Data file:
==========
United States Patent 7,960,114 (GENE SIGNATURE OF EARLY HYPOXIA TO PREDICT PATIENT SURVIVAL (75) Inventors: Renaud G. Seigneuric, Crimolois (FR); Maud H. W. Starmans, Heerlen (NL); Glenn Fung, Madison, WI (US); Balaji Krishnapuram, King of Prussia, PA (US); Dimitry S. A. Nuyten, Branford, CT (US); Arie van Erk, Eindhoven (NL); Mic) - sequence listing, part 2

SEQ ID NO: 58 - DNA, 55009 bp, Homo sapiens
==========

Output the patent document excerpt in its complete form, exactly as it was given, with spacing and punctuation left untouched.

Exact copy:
United States Patent 7,960,114 (GENE SIGNATURE OF EARLY HYPOXIA TO PREDICT PATIENT SURVIVAL (75) Inventors: Renaud G. Seigneuric, Crimolois (FR); Maud H. W. Starmans, Heerlen (NL); Glenn Fung, Madison, WI (US); Balaji Krishnapuram, King of Prussia, PA (US); Dimitry S. A. Nuyten, Branford, CT (US); Arie van Erk, Eindhoven (NL); Mic) - sequence listing, part 2

SEQ ID NO: 58 - DNA, 55009 bp, Homo sapiens